Olga Korbut, their prototype Disney character, has now been joined by a tiny marsupial called Filatova, who can skip along on one foot while holding the other in both hands above her head. Compared with her, Olga looks jaded — it is not surprising that she keeps mucking up her routines. Compared with them both, Tourischeva now looks like Hattie Jacques. Obviously the women have had their day: from now on these terrible children will be in control. They simply seem to have more of what Ron calls ‘spatial awareness.’ (When a gymnast fell on his behind, Ron said that ‘his spatial awareness let him down.’)

Alan Weeks had a companion of his own — a British swimming coach who did not content himself with whispering valuable technical detail in Alan’s ear, but spent a lot of time shouting it directly to us. Referring to Kornelia Ender as ‘The outstanding female swimming Olympian of this modern era’ and ‘That is the woman,’ he had the effect of making Alan sound restrained. Out at the equestrian events, Dorian Williams was quietly elegaic about Princess Anne’s ‘lovely, fine, strong trot’ and hazarded a guess that Goodwill’s concentration might have been upset by the audience’s ‘spontaneous applause at that marvellous extended trot.’ So there was lovely, fine, strong, marvellous and extended commentating from all quarters.

But finally if was Frank Bough on whom everything depended. Once again he did not flinch.. When a swimming event failed to come up on schedule, he unblushingly switched us to a boxing match, almost as if a boxing match were something we might conceivably want to see. When the match was over and the swimming event had still not come up, he said: ‘We’re in a slight waiting position.’ He interviewed a spokesman for the British hockey team that almost went to Montreal — the non-story of the Games. ‘Robin, you’re the man who’s been waiting for that phone call for 24 hours. Tell us the sequence of events.’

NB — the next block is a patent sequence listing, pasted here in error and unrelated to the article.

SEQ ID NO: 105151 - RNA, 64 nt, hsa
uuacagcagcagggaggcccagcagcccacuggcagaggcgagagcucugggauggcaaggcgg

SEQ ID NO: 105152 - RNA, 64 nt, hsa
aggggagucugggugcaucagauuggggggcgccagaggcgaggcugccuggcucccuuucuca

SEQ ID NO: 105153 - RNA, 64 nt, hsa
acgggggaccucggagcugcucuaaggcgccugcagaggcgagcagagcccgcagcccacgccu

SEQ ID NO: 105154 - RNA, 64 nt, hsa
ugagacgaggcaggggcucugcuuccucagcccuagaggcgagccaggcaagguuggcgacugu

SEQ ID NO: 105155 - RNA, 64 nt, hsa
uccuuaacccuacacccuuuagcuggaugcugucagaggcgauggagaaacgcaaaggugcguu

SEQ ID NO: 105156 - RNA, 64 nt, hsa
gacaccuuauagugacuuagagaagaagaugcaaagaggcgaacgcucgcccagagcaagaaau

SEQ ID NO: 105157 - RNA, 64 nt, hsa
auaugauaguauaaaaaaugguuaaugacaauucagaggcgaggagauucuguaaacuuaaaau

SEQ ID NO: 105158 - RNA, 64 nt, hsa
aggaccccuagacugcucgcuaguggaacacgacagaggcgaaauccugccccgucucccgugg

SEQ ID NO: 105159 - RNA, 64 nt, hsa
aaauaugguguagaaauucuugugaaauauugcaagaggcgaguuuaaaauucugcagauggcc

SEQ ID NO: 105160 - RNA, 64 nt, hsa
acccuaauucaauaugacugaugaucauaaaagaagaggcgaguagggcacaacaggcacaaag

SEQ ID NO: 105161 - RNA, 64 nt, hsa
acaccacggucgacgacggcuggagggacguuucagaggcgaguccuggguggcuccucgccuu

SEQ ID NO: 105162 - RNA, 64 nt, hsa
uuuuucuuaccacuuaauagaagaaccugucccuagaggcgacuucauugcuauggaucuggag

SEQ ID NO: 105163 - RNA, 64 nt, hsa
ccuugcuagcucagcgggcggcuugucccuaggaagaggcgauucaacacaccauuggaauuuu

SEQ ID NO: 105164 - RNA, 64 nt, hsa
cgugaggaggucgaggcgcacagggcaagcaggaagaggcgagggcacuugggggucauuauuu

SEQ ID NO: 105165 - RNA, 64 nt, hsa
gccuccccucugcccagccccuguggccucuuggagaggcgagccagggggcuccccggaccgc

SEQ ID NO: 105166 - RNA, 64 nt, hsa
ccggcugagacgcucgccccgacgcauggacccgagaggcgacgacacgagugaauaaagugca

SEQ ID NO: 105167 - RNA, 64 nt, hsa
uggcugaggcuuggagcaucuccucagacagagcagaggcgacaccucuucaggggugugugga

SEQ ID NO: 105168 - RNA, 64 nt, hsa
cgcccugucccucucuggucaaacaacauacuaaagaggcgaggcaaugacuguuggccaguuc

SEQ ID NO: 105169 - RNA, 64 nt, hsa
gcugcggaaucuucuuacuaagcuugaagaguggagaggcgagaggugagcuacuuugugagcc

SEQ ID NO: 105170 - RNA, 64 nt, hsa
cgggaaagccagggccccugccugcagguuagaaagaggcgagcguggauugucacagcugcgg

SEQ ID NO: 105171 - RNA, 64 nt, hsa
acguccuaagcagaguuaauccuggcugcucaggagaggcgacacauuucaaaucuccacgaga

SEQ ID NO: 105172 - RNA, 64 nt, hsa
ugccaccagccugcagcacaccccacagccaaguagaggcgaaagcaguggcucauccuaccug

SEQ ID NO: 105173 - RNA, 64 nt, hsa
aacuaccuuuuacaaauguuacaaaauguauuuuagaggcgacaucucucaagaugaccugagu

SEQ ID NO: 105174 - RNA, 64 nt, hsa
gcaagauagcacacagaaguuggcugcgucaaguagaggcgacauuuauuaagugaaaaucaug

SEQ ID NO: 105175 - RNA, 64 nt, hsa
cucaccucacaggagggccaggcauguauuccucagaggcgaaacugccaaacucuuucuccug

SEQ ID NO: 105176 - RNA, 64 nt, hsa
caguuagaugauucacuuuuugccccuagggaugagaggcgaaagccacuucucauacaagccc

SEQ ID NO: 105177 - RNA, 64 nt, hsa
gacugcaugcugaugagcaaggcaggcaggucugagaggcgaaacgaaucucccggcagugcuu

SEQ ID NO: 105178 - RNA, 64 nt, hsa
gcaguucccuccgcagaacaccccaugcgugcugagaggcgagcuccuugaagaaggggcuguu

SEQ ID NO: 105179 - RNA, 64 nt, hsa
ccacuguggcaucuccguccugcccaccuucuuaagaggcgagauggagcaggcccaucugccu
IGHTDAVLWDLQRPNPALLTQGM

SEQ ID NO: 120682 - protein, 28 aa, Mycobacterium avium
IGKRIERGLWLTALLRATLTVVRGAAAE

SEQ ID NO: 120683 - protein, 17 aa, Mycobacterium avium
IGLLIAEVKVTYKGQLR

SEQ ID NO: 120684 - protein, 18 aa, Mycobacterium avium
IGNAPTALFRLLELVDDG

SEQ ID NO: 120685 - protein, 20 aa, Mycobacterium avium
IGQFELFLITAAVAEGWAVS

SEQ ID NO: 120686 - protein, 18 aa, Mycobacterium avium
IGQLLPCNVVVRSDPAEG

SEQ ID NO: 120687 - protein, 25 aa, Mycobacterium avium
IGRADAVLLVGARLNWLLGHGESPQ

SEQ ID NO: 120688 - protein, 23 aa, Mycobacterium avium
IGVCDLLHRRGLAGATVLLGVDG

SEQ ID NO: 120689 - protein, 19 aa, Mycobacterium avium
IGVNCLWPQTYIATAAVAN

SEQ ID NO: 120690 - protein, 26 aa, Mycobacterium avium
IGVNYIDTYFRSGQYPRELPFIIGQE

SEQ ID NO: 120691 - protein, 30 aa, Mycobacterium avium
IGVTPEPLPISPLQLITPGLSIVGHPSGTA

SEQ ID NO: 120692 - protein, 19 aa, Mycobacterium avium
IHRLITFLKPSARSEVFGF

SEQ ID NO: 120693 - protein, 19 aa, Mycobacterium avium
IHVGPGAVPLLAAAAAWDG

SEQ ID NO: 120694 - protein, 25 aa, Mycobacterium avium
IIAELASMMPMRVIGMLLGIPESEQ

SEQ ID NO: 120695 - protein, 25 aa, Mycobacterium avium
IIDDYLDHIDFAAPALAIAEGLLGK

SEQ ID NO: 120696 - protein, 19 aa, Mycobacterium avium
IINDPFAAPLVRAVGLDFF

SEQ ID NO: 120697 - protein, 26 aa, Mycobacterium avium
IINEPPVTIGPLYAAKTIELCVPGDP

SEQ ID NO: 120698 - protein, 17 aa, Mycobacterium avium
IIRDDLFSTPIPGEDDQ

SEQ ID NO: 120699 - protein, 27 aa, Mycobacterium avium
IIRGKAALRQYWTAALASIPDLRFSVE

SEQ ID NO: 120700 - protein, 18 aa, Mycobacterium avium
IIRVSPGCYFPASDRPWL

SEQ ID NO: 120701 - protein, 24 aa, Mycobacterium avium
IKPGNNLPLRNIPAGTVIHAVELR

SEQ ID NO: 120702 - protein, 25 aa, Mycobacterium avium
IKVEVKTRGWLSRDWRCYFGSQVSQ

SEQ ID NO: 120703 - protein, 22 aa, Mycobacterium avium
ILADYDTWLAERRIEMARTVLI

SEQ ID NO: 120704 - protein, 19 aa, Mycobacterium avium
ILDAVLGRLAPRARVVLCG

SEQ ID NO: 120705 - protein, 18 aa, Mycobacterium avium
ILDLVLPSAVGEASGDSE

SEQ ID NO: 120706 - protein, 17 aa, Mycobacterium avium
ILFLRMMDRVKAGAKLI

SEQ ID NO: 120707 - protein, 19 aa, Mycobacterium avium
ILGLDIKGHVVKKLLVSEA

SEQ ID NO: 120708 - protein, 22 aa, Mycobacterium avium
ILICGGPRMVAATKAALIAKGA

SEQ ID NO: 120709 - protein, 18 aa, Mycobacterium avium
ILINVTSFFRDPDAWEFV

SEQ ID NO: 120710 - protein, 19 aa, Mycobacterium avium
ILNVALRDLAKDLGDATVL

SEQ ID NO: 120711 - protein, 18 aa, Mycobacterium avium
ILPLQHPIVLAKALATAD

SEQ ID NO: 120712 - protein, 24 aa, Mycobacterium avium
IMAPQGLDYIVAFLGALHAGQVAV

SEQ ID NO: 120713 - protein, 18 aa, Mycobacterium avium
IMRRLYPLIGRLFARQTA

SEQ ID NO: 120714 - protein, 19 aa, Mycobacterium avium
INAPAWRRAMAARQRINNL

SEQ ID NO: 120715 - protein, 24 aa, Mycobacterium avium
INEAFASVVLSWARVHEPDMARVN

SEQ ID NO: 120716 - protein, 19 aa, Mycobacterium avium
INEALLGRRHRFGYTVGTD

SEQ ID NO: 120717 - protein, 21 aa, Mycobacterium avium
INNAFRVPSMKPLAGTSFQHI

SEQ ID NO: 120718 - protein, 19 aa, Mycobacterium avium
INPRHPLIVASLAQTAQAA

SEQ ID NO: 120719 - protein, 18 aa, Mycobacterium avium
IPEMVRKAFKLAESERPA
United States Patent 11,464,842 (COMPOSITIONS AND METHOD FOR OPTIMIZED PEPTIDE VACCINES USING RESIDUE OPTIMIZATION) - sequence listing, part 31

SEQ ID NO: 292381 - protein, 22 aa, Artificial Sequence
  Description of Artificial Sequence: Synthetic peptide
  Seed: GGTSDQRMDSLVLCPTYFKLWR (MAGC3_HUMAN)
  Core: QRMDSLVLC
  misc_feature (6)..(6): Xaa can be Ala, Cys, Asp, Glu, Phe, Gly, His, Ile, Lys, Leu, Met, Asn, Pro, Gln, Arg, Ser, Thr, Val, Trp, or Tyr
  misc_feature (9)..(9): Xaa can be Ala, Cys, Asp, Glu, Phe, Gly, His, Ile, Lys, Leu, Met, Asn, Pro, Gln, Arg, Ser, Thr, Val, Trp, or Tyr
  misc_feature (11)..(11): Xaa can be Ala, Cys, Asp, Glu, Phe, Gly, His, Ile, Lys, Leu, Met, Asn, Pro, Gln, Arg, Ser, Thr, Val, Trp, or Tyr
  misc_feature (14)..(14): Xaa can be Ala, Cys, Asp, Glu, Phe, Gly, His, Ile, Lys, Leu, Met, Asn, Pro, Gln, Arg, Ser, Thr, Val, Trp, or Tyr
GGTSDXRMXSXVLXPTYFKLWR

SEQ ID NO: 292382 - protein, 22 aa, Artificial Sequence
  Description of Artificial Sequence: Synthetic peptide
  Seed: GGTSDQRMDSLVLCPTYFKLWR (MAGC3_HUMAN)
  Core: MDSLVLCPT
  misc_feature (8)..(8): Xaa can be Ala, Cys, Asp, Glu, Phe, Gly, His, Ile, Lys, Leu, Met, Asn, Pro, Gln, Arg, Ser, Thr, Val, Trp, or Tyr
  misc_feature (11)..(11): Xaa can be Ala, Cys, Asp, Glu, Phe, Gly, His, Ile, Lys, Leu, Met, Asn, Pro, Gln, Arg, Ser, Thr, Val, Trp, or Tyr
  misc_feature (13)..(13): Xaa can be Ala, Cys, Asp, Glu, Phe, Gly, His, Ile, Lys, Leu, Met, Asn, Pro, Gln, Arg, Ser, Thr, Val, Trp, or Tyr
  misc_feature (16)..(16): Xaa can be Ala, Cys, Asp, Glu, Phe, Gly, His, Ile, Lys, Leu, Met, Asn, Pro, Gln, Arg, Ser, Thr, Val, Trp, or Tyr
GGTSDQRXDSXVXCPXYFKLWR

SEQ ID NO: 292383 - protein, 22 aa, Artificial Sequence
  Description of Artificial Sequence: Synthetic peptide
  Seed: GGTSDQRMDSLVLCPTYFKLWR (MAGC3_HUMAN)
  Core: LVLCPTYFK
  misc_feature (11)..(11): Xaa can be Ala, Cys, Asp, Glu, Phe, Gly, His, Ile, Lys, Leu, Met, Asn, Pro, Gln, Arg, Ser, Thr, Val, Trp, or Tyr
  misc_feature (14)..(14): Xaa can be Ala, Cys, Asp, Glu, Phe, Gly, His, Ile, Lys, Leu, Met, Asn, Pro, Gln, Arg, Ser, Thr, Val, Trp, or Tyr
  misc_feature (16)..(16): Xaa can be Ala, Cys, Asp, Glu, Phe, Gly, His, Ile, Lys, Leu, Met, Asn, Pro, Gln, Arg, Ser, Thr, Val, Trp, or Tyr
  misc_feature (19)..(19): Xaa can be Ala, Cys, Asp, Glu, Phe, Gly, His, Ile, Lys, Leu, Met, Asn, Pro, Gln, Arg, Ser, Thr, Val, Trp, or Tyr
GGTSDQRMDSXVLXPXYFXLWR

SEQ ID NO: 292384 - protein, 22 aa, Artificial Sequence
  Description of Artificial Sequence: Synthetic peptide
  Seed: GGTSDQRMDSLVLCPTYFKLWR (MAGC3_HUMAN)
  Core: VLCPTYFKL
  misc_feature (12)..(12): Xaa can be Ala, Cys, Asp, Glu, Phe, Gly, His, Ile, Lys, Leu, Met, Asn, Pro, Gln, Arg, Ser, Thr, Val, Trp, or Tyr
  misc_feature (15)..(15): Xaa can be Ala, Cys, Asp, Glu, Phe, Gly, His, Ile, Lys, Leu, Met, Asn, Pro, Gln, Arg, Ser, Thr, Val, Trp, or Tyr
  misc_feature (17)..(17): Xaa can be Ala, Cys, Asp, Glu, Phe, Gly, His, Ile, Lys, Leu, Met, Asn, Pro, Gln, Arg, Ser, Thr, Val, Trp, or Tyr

Frank has a way of saying ‘The British girls ... didn’t quite qualify’ which is full of bugles calling for them from sad shires. He is a patriot, wishing ‘David Wilkie, all those miles away, the very best of luck.’ He is a comedian, pointing out that a seven-foot Russian woman basketballer is ‘not much of a mover.’ He is a gallant, letting us know that Comaneci is his ‘favourite.’ Frank Bough is the man who brings us the full meaning of the Olympic Games, helping to ensure that they will be forgotten even faster than they happen.

As alternative viewing to the Games, Rich Man, Poor Man (ITV) is almost as pointless but can’t help being more coherent. The characters can be depended on to leave no depth of bathos unplumbed. Mama Jordache got straight on the phone to Rudy after her preposterous husband bumped himself off. ‘Rudy, it’s your father! What are the customers gonna say? Who’s gonna bake the bread?’ In dazzling contrast, the new mini-series on Orde Wingate (BBC2) is highly articulate and technically adventurous: I hope to say more about it after the Olympics have gone away.

Large, of Little and Large, was extremely funny in Seaside Special (BBC1). 2nd House (BBC2) was on about writers in the Spanish Civil War, but did not get far. Claud Cockburn told his usual story. I. F. Stone was not used to much effect. There were some tangentially relevant dramatisations from Hemingway. A documentary drama on the same subject, The Madness (BBC2), was even less compulsive viewing. The best thing about Spain all week was a World About Us (BBC2) dealing with that country’s animals, who do not care.

The Observer, 25th July 1976